FIXED by Boni B. Alvarez 
A World Premiere
Directed by Rodney To
The Echo Theater Company
Atwater Village Theatre
3269 Casitas Ave.
Los Angeles, CA 90039
Sept. 15 through Oct. 22, 2017
Fridays at 8:30 p.m.
Saturdays at 8:30 p.m.
Sundays at 4 p.m.
Mondays at 8:30 p.m.
Tickets and Information: 

Sunday, September 10, 2017


The American premiere of Oliver Cotton's Daytona, directed by Elina de Santos, features veteran actors Richard Fancy, Sharron Shayne and George Wyner.  
George Wyner and Sharron Shayne

Having enjoyed Ms de Santos' Awake and Sing at The Odyssey two years ago, I looked forward to seeing a new play with her at the helm A conscientious director can suggest the thread of the play and together with the professionals, they find the way.    
Ms de Santos employs a subtle hand. Over hearing her comment at the intermission, 'Evidently, I am no longer in control,'  may have been an indication that my earlier observation might have been a little off?  However, the depth and breadth of the story in, perhaps, an abbreviated version might have been more appealing.  Designer Hillary Bauman's mid-eighties New York City apartment reflects the simple tastes of Elli (Shayne) and her husband of forty years, Joe (Wyner).  At rise, they skillfully rehearse for a seniors' dance competition, bickering lightly, they show  that their relationship has passed the test of time.  

Oliver Cotton's play moves slowly and deliberately The phone rings: no one there and then, a buzz on the buzzer announces a visitor.  
"Who is it?" 
"It's Billy." 
"Who Billy?" 
"Billy the kid!.. Billy! I'm your brother!"

Billy  (Fancy) arrives at the door shivering with the winter cold.  Joe is shocked to see him. It's been many years since the camps and their younger days in 1945.  At 72 and 74 Billy and Joe have a history .. a complicated history that involves some business dealing that is in question, as well as their mutual connection to Elli.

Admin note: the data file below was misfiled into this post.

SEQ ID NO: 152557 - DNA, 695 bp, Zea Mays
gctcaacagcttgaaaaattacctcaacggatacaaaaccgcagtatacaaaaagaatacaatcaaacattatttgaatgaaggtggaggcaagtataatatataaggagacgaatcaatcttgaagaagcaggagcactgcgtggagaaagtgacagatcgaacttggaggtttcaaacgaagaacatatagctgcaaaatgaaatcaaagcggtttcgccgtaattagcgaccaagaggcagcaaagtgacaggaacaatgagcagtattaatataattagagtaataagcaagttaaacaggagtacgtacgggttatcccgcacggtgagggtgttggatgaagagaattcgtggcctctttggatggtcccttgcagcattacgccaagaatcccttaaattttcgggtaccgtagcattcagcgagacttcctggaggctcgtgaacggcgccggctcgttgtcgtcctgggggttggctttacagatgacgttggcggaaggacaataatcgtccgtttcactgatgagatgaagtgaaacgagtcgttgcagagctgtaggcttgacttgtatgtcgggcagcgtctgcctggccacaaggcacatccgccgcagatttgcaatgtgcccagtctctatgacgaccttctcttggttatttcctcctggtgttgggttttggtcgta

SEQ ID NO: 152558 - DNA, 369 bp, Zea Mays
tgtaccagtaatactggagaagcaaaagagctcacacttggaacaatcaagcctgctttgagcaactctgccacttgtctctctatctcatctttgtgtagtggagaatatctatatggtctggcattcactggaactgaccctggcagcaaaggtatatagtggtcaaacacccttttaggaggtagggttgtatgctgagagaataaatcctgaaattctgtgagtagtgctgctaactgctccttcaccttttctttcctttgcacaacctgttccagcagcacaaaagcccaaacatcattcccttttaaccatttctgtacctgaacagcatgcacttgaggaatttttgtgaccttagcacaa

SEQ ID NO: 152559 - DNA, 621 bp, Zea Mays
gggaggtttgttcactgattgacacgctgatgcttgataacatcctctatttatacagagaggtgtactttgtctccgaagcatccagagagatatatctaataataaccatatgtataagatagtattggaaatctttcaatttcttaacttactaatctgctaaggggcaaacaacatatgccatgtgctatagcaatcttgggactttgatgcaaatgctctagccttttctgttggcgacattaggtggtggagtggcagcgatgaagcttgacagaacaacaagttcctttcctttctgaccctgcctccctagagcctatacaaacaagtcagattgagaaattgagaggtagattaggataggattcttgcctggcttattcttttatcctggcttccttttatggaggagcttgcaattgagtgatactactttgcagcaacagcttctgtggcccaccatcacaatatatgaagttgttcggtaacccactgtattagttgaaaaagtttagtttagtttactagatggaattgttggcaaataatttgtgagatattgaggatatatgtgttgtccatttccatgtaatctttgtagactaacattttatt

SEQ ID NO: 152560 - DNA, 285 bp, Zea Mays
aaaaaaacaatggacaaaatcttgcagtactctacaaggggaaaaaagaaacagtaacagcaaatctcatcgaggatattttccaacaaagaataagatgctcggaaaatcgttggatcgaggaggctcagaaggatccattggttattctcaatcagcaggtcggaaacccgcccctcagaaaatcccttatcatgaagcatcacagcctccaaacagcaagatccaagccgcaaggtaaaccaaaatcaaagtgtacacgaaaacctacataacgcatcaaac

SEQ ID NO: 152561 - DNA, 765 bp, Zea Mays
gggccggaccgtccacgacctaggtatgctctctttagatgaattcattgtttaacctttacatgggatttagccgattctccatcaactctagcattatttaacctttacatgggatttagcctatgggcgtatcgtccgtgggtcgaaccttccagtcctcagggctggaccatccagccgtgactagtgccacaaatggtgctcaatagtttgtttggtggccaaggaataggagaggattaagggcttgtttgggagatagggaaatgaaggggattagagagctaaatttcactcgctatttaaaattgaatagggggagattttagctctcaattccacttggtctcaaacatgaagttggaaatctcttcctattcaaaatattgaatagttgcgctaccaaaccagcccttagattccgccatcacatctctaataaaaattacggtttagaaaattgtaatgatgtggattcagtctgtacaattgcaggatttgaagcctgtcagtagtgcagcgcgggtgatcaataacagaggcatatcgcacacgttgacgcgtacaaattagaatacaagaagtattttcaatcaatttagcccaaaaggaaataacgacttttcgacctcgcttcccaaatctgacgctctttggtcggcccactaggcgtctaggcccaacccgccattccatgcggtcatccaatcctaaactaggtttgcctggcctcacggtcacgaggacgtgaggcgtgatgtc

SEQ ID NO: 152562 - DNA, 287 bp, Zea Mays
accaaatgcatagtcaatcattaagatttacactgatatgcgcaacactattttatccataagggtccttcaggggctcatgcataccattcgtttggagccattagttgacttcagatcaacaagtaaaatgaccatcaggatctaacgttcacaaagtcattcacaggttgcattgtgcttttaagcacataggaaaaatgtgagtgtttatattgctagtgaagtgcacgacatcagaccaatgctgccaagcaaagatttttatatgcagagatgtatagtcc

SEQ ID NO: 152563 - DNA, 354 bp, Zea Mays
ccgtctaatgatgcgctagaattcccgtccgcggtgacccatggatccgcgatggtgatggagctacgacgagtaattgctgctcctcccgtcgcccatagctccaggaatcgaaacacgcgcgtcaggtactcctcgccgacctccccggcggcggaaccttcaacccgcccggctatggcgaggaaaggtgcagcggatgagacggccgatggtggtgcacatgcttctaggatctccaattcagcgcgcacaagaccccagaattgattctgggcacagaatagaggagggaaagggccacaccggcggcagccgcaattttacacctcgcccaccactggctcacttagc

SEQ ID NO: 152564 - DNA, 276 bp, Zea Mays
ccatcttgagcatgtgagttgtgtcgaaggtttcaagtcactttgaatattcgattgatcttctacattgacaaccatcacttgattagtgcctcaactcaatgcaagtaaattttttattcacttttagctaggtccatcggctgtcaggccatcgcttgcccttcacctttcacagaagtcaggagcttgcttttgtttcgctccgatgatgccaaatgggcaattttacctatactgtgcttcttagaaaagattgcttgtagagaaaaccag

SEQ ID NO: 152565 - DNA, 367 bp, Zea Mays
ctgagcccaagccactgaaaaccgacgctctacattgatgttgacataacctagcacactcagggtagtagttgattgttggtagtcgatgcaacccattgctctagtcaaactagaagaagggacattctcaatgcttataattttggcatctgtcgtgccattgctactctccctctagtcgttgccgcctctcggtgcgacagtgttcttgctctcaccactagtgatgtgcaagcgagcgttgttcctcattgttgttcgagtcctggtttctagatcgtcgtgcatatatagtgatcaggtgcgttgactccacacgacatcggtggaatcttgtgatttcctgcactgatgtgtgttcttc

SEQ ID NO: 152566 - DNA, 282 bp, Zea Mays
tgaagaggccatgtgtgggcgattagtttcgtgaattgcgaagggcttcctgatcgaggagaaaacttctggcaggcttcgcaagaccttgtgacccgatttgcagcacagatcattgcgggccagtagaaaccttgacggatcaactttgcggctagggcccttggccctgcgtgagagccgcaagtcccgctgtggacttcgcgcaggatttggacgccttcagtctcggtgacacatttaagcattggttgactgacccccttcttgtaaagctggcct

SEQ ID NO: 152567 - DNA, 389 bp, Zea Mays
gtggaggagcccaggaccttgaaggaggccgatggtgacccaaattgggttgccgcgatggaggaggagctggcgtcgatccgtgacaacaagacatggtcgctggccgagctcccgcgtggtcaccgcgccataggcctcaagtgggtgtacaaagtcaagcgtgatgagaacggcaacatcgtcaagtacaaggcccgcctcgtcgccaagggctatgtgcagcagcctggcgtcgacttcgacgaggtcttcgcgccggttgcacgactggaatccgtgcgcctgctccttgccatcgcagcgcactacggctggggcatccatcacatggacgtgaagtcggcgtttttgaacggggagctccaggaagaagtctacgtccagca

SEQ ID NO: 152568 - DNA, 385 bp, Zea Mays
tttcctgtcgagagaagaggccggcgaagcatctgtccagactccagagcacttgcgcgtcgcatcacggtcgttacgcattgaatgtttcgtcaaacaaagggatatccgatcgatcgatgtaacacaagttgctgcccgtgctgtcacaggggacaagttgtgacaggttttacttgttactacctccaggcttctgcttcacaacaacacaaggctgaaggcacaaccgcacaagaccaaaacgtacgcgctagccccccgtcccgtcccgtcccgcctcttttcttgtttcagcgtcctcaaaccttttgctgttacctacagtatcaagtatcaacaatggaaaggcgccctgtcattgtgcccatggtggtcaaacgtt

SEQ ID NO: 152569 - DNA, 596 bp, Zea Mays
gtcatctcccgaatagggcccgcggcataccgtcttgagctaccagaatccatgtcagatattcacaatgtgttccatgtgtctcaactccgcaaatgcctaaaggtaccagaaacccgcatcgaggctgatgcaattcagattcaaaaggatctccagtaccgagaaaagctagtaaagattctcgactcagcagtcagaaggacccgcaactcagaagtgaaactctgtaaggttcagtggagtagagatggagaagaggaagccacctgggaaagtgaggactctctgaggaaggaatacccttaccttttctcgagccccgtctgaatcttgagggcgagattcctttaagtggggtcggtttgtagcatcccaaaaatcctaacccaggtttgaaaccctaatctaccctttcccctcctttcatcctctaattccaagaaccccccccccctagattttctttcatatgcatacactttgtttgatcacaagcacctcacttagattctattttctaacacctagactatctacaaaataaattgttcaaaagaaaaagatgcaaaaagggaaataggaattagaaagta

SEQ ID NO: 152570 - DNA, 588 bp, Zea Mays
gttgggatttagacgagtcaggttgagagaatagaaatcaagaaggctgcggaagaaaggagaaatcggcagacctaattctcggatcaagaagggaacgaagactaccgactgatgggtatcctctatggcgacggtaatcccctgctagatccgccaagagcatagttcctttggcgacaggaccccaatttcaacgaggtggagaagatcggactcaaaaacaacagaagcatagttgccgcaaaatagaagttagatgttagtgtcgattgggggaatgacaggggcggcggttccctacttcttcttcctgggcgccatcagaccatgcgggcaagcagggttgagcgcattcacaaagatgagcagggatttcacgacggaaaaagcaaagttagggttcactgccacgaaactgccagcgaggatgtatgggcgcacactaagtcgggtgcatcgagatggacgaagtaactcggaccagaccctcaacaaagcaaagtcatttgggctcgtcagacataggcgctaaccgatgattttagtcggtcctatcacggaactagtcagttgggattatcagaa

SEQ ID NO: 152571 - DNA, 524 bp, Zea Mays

Joe's reluctance to see his brother warms as Billy removes his coat to reveal an Aloha shirt and eventually a long, long, long story about a sleazy hotel in Daytona (thus the name of the play) as well as where he has been for all these years... with a new non-Jewish name, living in Ohio with a wife and two kids and doing well in real estate. Now, things have taken a turn for the worse.

Billy's extended monologue is slow to reveal that while in Daytona, he is positive that he has discovered a familiar face: Gruper (Gruber?) a sadistic Nazi guard who killed Jews in the camp for sport.  How Fancy has committed this monologue to memory is laudable.  That director de Santos has done her best to keep the story moving is something that seems close to impossible because the over wordiness has us slogging step by step with Billy as he recounts in minute detail the discovery of the Nazi guard and, finally his solution to his grim discovery. 

The tension created by Billy's arrival and confession to his brother of what happened in Daytona, as well as Act II revelations as to how Elli factors into the mix may work by the actors having somewhat overcome the script.  Ms Shayne, absent for most of the first act, returns to the surprise of encountering Billy after many years to reveal their own intriguing connection.  
Sharon Shayne and Richard Fancy

Act II has uncomfortable bumps now and then with uneven performancesTensions rise and fall.The outcome is fraught with moral dilemma.  Cotton breaks the dramatic rule about a gun on stage. 

Cotton, a British actor, may have stepped outside his comfort zone to pen a story about Jewish immigrants in New York City.  Accents are difficult, at best, to bring off on stage and with Billy's chosen seclusion in Ohio, "you always sounded like a Yank," Joe says; Joe's indeterminate voice and especially difficult to decipher, Elli's German, Jewish sound, getting all of the dialogue was not easy. With a couple of Opening Night mix ups, pace and length factored in. 
Daytona by  Oliver Cotton
Directed by Elina de Santos
The American Premiere
Rogue Machine Theatre
Opened September 9, 2017
Saturdays and Mondays at 8:30
Sundays at 3PM
Through October 30, 2017
No performances 9/25 and 10/2   
The Met
1089 N. Oxford Avenue
Los Angeles, CA 90029
Tickets and information:
855 585 5185